Cocaine Use and Heart Attack
Heart attack is the common name for a disruption of the normal supply of blood flowing to any given portion of the heart muscle; doctors and researchers refer to the condition more formally as a myocardial infarction. Without its required supply of oxygen-bearing blood, the heart muscle will die off quickly, producing a situation that can lead to serious heart damage or rapid death. People who use cocaine develop a number of problems in their normal cardiovascular (heart and blood vessel) health that contribute greatly to their heart attack risks. These problems occur in the aftermath of both short- and long-term cocaine use, and affect even casual users of the drug.
Heart Attack Basics
The heart gets its blood supply from two main vessels called the left and right coronary arteries, which extend from the body’s main artery, known as the aorta, and branch out into different sections of the heart muscle. It is the oxygen content in the blood flowing through these arteries that allows the heart to maintain its constant cycle of pumping and resting. In the general population, the conditions for a heart attack usually begin when a wax-like, cholesterol-containing substance called plaque builds up on the walls of the coronary arteries and encourages the formation of a blood clot. If a clot grows large enough to seriously reduce or cut off the blood flow through the affected artery, the tissue fed by that artery will start to die and the individual will start developing heart attack-related symptoms.
Plaque buildup in the arteries is part of an artery-hardening process called atherosclerosis (or arteriosclerosis), which typically occurs gradually over time in any given individual. While this buildup is the number one cause of heart attacks, other cardiovascular problems can produce the same result. For instance, the coronary arteries can develop a condition called vasospasm, which occurs when abnormal, severe narrowing of the artery interiors leads to a dangerous drop in blood flow. Some people also develop a heart attack as a consequence of serious heartbeat abnormalities or a form of pumping insufficiency commonly known as heart failure.
Cocaine’s Effects on the Heart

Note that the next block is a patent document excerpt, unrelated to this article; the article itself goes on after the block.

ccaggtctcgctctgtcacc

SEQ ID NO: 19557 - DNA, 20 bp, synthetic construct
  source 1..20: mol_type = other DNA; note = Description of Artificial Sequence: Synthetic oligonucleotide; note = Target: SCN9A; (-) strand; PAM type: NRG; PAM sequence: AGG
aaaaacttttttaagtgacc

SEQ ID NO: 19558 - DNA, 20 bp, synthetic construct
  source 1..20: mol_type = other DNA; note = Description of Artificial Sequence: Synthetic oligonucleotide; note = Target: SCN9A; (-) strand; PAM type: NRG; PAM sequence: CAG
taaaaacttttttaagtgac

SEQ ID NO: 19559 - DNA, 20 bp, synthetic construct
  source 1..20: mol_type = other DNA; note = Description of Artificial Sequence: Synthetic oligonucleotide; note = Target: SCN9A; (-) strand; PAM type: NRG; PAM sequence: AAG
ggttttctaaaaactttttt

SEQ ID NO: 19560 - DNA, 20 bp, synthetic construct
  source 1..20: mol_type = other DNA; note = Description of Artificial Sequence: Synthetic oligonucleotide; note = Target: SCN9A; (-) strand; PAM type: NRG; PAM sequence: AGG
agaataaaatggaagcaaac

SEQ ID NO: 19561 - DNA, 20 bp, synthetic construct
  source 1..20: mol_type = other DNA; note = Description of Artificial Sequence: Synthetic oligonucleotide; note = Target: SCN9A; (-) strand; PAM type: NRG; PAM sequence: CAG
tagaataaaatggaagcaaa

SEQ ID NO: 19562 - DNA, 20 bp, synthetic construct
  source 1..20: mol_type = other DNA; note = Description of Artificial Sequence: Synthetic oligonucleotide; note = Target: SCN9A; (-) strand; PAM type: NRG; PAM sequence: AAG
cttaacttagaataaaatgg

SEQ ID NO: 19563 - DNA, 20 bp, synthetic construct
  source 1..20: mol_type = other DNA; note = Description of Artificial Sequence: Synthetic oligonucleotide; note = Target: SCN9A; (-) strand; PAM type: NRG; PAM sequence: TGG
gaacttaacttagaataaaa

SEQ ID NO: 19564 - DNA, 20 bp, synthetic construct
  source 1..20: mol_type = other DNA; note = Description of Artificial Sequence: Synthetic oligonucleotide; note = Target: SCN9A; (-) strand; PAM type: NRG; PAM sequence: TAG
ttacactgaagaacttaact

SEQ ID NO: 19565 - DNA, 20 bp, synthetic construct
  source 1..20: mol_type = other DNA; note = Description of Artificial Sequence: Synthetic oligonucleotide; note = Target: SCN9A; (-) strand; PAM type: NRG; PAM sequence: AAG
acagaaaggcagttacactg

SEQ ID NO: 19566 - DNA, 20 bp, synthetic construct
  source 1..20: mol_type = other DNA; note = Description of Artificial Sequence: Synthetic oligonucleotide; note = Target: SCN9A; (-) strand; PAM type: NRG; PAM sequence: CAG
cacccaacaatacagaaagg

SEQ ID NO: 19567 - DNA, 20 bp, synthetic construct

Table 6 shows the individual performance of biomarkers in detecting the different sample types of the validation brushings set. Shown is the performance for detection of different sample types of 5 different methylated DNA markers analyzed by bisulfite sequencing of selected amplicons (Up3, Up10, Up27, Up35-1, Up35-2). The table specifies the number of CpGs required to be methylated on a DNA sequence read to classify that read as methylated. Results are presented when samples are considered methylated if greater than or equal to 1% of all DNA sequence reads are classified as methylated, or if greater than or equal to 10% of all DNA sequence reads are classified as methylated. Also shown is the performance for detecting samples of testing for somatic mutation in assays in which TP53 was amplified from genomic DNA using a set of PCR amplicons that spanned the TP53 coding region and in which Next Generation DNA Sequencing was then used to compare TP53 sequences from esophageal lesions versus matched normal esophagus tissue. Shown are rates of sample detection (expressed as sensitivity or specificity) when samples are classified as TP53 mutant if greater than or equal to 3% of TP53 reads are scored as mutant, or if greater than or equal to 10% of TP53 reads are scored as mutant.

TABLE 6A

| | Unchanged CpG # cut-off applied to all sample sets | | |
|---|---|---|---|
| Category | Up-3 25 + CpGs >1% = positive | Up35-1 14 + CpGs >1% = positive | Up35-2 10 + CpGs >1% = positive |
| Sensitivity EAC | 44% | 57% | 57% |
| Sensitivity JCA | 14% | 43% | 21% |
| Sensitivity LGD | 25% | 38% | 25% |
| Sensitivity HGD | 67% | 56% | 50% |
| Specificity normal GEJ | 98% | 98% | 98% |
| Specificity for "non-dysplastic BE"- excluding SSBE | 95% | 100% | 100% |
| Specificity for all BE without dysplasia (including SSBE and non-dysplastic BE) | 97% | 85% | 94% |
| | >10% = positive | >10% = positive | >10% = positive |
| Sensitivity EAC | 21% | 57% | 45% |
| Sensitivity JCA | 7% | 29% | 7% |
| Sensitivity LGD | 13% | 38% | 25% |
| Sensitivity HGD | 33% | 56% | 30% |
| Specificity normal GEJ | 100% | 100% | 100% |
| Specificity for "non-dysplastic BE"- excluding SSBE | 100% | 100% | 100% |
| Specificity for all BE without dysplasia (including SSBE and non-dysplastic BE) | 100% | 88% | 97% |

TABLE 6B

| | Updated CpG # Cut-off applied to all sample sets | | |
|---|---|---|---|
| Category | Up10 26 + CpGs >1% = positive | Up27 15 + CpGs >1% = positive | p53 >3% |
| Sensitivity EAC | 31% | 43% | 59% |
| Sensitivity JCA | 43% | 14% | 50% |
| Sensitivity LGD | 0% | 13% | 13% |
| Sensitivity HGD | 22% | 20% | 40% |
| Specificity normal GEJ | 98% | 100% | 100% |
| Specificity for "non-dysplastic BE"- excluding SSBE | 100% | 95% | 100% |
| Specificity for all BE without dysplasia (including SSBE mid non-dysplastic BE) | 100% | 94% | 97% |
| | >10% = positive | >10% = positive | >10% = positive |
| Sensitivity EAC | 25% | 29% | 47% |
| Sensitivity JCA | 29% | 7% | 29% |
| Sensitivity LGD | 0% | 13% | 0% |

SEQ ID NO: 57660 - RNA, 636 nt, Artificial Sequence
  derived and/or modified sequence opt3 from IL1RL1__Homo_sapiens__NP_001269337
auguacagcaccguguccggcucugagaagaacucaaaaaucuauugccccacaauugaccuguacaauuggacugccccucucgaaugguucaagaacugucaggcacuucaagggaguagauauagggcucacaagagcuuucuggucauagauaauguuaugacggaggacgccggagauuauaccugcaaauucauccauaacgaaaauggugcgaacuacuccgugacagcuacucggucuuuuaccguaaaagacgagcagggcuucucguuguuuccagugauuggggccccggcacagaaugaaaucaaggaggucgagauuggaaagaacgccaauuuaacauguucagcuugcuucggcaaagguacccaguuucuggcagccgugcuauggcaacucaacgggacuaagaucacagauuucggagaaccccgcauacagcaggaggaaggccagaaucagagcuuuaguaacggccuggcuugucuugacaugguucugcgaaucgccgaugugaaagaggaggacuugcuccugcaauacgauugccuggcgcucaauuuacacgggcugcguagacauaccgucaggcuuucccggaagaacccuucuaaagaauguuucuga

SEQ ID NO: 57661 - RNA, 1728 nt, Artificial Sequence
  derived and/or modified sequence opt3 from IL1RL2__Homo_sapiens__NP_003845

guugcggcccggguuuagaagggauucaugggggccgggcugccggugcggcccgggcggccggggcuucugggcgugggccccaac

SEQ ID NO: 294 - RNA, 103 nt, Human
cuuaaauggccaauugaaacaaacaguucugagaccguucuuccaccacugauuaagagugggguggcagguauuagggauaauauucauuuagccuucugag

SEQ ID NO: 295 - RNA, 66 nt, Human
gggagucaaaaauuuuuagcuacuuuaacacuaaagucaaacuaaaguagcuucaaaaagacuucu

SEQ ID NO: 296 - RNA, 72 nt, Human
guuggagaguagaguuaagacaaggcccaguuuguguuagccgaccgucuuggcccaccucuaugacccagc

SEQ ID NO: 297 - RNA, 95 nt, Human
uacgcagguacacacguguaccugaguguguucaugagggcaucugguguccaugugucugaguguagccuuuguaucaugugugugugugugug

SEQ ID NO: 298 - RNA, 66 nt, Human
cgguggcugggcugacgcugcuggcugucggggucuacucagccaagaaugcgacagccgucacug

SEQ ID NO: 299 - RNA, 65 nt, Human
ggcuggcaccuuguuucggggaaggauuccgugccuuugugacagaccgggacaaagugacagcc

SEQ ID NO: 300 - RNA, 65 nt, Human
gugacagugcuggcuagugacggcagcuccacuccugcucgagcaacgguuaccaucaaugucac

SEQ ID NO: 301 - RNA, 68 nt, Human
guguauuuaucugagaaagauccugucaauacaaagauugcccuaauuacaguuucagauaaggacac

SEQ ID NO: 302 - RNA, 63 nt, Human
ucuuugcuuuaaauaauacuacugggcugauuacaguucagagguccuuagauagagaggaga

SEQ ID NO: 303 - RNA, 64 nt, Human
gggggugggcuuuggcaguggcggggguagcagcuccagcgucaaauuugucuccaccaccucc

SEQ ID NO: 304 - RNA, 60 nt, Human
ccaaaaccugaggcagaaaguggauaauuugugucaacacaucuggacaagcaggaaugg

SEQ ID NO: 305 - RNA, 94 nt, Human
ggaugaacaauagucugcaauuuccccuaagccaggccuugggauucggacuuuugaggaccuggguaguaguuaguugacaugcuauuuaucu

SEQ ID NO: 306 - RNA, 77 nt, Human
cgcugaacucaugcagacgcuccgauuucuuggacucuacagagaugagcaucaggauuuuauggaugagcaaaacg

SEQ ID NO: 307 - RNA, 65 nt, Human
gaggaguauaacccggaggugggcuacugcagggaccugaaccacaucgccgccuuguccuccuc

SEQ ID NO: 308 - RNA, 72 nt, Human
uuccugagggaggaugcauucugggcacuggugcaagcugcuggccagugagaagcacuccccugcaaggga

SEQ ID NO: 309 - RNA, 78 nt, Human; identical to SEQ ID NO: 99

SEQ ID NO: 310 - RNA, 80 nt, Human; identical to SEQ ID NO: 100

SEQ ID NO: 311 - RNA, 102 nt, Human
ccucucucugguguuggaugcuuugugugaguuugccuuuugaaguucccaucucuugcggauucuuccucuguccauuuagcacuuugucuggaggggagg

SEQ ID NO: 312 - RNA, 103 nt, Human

Cocaine use triggers a significant boost in the body’s supply of a chemical called norepinephrine, which acts as a neurotransmitter and increases the frequency of certain types of communication between nerve cells called neurons. Specifically, norepinephrine produces increasing levels of activity in the neurons of a system called the sympathetic nervous system, which branches throughout the body and helps provide involuntary control of the heart muscle and blood vessels, as well as a number of additional vital organs. When cocaine enters the bloodstream, activation of the sympathetic nervous system produces heart-related changes in normal body function that include blood pressure increases, heartbeat acceleration, and an increase in the amount of blood pumped by the heart in any given minute.
Mechanisms of a Cocaine-Related Heart Attack
Along with its basic alteration of normal heart function, cocaine use produces several specific changes that increase the risks for a heart attack. For instance, according to a study published in 2012 by the University of Sydney, cocaine use produces a form of artery stiffness that mimics the stiffness of atherosclerosis, and also produces abnormal thickness in the part of the heart muscle responsible for pumping oxygen-bearing blood out of the heart and into the aorta. Even in people who only use cocaine once a month, these heart attack-promoting changes remain in effect for a minimum of 48 hours.
According to a separate 2008 report sponsored by the National Institute on Drug Abuse, cocaine use also elevates the levels of components in the blood called clotting factors; in turn, this elevation increases the likelihood that a heart attack-inducing blood clot will form in one of the coronary arteries. Long-term cocaine use, in particular, contributes to an inflammation in the artery walls that promotes the onset of clot formation. In addition, use of cocaine can trigger serious cases of artery-blocking vasospasm within either of the two coronary arteries, or in the smaller vessels that branch from those arteries.
People between the ages of 18 and 45 are particularly susceptible to a cocaine-induced heart attack, according to a study published in 2007 in the journal “Clinical Medicine & Research.” These risks apply to all cocaine users in this age group, whether or not they have a previous history of heart- or blood vessel-related health problems. As stated previously, the heart-endangering effects of cocaine appear in people who use the drug as infrequently as once every 30 days.